MY PERSONAL AUSTRALIA DAY DATE
My personal Australia Day is March 13, as it was a balmy day 35 years ago in 1982 when my German partner Brigitte and I arrived in Sydney for the biggest adventure of our life. A big contrast from the snow storm we had at our departure a day earlier at Nuremberg airport.
Soon we rented a sixth floor apartment with two large balconies at Bondi Junction and overlooked the stunning harbour, Opera House and Harbour Bridge, as well as the beaches.
The culture shock impact was reduced when we attended two months of language and culture classes at the Blackfriar school together with people from all over the world. We became friends with people from Iran, Austria, Indonesia, etc.
What stood out most for me in our new country was the multiculturalism, and of course the great blue sky and gorgeous weather.
My job as a infill photographer at the Sydney Morning Herald during the Brisbane Commonwealth Games was cancelled because there was a recession, so I ended up working as a kitchenhand and cook at a posh yacht club and waiter at a golf club.
Even work was all about multiculturalism. In the Rose Bay yacht club the manager was Dutch, the catering manager Czechoslovakian, the chef from Wales, the cooks French, while at the Chatswood golf club I worked for an Austrian chef and German manager.
After a year though I started as a freelance photographer working for designers, the Housing Commission of NSW and Rugby League Week magazine. Multiculturalism supported me again with an Iranian friend getting me the work at the Housing Commission while a designer who had migrated from Prague also gave me some assignments.
I was introduced to fish&chips, pies, cricket and cask wine and while test matches were boring I quite liked one day cricket. Now after 35 years in Australia you can’t get me away from the TV during a test match and Boxing Day is sacred for that. And of course I love Aussie Rules!
In September 1985 we decided to move to Perth and start all over again. We crossed the country in our old Honda Civic and bought our very first property, a small brand new villa in Como, on our first weekend in the west.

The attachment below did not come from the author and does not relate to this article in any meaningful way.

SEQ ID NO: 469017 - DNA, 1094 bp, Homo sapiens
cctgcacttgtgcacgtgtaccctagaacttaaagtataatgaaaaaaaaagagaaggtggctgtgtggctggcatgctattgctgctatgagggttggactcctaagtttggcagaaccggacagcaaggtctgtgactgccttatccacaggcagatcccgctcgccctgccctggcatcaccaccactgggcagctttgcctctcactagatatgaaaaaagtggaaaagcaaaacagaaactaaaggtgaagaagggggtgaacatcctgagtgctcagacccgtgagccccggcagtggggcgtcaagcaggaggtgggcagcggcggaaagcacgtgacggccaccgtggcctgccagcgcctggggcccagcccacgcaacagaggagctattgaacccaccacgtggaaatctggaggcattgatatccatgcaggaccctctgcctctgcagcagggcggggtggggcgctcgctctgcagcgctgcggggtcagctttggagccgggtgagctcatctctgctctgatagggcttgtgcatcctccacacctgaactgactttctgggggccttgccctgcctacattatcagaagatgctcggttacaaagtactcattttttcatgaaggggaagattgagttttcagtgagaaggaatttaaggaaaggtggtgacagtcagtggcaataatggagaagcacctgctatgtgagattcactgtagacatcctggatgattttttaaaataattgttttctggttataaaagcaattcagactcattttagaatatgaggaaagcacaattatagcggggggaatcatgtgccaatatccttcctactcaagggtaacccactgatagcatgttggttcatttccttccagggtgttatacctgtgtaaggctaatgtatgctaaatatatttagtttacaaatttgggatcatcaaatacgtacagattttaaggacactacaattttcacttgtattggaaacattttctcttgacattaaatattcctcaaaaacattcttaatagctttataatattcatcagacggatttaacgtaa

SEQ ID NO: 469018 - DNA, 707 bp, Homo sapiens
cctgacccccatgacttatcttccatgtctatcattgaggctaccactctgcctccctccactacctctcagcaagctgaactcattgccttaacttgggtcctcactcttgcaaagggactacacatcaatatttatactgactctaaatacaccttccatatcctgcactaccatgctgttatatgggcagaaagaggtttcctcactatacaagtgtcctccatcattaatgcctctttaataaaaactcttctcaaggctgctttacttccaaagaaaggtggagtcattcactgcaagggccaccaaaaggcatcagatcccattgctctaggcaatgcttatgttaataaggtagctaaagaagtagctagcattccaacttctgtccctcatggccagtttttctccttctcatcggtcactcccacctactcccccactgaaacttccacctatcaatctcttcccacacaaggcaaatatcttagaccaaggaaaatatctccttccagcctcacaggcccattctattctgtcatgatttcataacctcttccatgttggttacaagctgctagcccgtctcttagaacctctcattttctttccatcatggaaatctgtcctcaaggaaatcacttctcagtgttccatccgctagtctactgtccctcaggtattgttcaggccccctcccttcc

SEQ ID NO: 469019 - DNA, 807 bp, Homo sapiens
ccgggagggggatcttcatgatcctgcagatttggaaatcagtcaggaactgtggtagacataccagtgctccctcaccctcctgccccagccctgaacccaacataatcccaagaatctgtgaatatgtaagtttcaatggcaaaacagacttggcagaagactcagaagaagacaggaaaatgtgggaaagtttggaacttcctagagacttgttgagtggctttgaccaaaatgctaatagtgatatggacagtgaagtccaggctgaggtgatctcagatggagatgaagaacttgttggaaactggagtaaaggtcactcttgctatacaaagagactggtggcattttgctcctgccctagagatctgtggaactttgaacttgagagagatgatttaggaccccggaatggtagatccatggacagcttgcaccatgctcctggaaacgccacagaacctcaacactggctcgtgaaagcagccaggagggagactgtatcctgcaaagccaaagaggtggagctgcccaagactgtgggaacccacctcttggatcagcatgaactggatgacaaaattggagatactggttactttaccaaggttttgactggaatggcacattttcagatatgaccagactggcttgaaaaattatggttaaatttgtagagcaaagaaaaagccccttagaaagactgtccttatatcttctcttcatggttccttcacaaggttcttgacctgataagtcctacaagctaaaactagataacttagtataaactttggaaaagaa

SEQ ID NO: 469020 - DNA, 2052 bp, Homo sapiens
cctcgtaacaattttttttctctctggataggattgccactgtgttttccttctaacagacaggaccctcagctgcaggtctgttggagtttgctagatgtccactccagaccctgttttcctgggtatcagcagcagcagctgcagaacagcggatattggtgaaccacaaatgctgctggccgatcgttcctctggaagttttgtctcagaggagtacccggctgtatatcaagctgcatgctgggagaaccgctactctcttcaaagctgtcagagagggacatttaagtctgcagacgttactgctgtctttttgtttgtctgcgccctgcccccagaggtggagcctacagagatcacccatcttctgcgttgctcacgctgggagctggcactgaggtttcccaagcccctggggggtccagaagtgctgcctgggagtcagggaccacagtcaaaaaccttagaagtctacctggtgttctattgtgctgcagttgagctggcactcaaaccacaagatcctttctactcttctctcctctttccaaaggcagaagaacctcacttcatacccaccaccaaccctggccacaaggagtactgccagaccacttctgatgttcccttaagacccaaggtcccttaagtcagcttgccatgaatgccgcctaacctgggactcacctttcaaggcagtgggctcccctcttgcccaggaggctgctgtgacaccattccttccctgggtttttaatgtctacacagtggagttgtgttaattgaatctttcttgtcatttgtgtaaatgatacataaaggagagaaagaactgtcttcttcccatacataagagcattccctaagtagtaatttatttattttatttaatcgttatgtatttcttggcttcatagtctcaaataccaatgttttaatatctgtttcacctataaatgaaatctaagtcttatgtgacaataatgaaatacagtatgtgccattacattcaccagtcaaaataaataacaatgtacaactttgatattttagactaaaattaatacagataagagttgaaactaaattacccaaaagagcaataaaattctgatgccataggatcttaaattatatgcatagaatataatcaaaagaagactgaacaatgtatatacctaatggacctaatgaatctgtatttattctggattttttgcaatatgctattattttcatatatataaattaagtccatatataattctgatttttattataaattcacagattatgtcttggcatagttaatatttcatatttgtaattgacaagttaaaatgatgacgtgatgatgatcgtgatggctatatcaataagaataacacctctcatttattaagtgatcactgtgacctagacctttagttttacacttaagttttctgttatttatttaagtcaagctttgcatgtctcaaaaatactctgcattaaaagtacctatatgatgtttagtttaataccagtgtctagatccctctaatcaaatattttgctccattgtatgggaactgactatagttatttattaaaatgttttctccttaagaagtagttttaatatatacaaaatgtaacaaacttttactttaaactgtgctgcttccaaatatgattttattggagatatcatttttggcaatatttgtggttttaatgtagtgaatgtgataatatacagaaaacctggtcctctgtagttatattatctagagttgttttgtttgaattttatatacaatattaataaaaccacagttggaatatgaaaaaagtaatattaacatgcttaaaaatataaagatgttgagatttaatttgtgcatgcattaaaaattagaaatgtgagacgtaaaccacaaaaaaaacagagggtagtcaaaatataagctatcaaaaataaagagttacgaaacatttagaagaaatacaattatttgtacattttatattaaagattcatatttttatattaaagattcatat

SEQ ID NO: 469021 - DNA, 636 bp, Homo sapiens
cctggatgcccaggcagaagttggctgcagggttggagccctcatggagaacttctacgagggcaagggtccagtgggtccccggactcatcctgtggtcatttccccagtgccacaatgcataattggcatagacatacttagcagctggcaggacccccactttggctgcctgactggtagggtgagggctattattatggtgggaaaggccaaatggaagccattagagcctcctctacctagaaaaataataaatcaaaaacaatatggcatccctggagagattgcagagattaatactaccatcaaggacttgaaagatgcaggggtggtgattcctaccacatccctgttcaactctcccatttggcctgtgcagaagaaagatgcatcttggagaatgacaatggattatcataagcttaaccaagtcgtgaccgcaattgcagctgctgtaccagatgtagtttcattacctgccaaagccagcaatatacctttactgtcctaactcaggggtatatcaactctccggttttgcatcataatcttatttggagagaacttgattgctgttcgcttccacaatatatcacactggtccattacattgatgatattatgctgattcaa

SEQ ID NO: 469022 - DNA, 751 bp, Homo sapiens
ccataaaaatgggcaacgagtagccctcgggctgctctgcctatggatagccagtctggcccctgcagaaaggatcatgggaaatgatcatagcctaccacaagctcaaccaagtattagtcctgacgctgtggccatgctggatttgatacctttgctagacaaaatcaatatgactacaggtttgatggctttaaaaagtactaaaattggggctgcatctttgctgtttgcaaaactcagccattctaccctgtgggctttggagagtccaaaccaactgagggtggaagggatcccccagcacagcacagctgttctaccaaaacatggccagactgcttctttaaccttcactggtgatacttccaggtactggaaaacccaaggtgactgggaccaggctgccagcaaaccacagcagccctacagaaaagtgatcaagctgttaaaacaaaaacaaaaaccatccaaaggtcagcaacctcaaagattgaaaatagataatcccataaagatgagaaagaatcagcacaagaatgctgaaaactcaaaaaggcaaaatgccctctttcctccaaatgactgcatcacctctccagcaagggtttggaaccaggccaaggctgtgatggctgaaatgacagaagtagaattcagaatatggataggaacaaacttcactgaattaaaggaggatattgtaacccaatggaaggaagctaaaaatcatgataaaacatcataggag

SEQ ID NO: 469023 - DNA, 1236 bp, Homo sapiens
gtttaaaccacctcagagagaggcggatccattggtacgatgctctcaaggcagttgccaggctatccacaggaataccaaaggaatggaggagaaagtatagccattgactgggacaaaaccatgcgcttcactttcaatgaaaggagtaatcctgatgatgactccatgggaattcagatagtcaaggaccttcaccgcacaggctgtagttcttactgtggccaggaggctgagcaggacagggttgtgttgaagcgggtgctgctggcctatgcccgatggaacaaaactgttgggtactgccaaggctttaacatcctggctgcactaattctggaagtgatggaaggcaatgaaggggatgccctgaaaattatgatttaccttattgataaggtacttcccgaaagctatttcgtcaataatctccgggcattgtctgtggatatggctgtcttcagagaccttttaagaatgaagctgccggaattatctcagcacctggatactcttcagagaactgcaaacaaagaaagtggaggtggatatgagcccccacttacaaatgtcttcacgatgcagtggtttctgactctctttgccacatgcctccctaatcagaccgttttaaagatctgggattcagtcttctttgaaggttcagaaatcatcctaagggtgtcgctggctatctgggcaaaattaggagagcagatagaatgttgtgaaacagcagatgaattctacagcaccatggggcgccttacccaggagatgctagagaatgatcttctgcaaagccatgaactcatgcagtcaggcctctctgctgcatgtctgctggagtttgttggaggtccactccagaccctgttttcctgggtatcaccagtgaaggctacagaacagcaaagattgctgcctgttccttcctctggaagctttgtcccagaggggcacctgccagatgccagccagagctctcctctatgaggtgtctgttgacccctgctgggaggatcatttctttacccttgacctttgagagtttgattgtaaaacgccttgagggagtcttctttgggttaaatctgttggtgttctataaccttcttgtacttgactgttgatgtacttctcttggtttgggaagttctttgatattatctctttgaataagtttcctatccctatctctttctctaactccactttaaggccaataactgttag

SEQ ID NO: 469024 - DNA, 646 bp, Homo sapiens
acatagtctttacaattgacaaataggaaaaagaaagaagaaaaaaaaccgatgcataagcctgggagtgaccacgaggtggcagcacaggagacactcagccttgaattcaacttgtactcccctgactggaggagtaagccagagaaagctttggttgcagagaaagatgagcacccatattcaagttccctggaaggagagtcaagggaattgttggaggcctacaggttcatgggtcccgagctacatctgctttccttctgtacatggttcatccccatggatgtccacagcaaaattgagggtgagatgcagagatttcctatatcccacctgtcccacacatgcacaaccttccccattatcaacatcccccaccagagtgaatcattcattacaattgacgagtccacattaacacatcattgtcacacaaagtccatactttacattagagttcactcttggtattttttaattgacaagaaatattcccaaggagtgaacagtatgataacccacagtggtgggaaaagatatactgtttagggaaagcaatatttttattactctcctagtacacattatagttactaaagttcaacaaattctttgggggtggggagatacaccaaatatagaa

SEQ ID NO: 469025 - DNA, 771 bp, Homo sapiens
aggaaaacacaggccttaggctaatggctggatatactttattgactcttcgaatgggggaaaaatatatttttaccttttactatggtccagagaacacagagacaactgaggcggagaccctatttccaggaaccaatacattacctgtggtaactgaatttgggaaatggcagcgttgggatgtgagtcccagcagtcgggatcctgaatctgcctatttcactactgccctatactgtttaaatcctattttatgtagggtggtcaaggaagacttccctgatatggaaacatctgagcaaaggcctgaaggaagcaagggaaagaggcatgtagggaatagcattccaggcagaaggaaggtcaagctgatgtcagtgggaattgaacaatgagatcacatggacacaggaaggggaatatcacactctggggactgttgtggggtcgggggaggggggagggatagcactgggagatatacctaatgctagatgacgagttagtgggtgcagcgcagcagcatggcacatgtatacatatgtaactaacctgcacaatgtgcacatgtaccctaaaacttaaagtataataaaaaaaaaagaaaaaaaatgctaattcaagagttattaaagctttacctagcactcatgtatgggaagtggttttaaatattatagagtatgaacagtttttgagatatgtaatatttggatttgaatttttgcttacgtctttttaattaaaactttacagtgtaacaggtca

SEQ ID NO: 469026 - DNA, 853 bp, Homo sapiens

We registered our photography business and started showing my portfolio, with mainly B&W press photos, as I had been working for newspapers, magazines and press agencies in Germany. Soon we got our first assignments; a shoot at Blina near Derby for an oil company, the State Energy Commission liked my work and so did designers, advertising agencies, architects, the mining and tourism industries, Fremantle Ports, and government departments.
I became the official photographer for the Legislative Council and the the Governor of WA Gordon Reid for some years and through that the official photographer during the visit of HRH Princess Ann and travelled with her to the Kimberley and Pilbarra. A photo album with my photos of that visit was presented to HRH by then Premier Brian Burke on her last day here.
Life was so good that we soon bought a beautiful Californian bungalow in Swanbourne that we later extended. We bought the house from well-known artist Ashley Jones and his wife Nina and decided to keep their tradition of an open house on Friday evenings, and we ended up getting to know a lot of people fast that way.
In the late 80s my partner wanted to open an art gallery and Artplace in the Old Theatre Lane in Claremont became our new adventure and a great success for Brigitte, but after 20 years of living together we decided in the early 90s to split up and I moved to Fremantle.
Although I had a great life while living in the Netherlands for 20 years and in Germany for 13, Fremantle is the love of my life, so I soon became involved with community groups, the Walyalup Reconciliation Group, Fremantle Society, Roundhouse volunteer guides, etc. and was awarded Fremantle Citizen of the Year 2012 by the WA Premier.
I love Fremantle because it is full of interesting, quirky, caring and creative people from all over the world, and because of the stunning historic West End. There is not a day that I don’t drive onto the South Mole to look at the harbour and Indian Ocean and my favourite West End cafes know that I drink double espressos.
My respect for Aboriginal culture and people started early when I met Michelle, an Injibandi woman, at the Japingka Gallery. We became good friends and I one of the babysitters for her sons Simon and Reuben. I have always felt at home with our indigenous people and on my spiritual 58,000 km, eight-month trip criss crossing Australia in the mid 1990s I often connected with them as they showed me their land and told me their stories without ever treating me as someone responsible for their plight.
Multiculturalism is something I embrace and like, even in my love life, with lovers from Germany, Canada, Australia, Serbia and Sri Lanka. The one thing I absolutely can’t tolerate is racism because I believe that most people from all cultures and religions are good people.
Through my involvement with markets I became friends with many of the Muslim stall holders. All decent, hard-working family people who don’t pose a threat to anyone.
Adapting to my new country was often challenging but it helps that I am interested in just about everything, and having an open mind and a love for people. I handed back my Dutch passport in 1985 when I became Australian and never have regretted it.
Australia is not the best country on earth, no country is, but it is a bloody good one and I am so happy and grateful I made the brave decision to migrate here. It’s one of the best decisions I have ever made in my life!
I’ll be enjoying Australia Day at the Roundhouse talking to people from all over the world telling them about the fascinating history of Fremantle.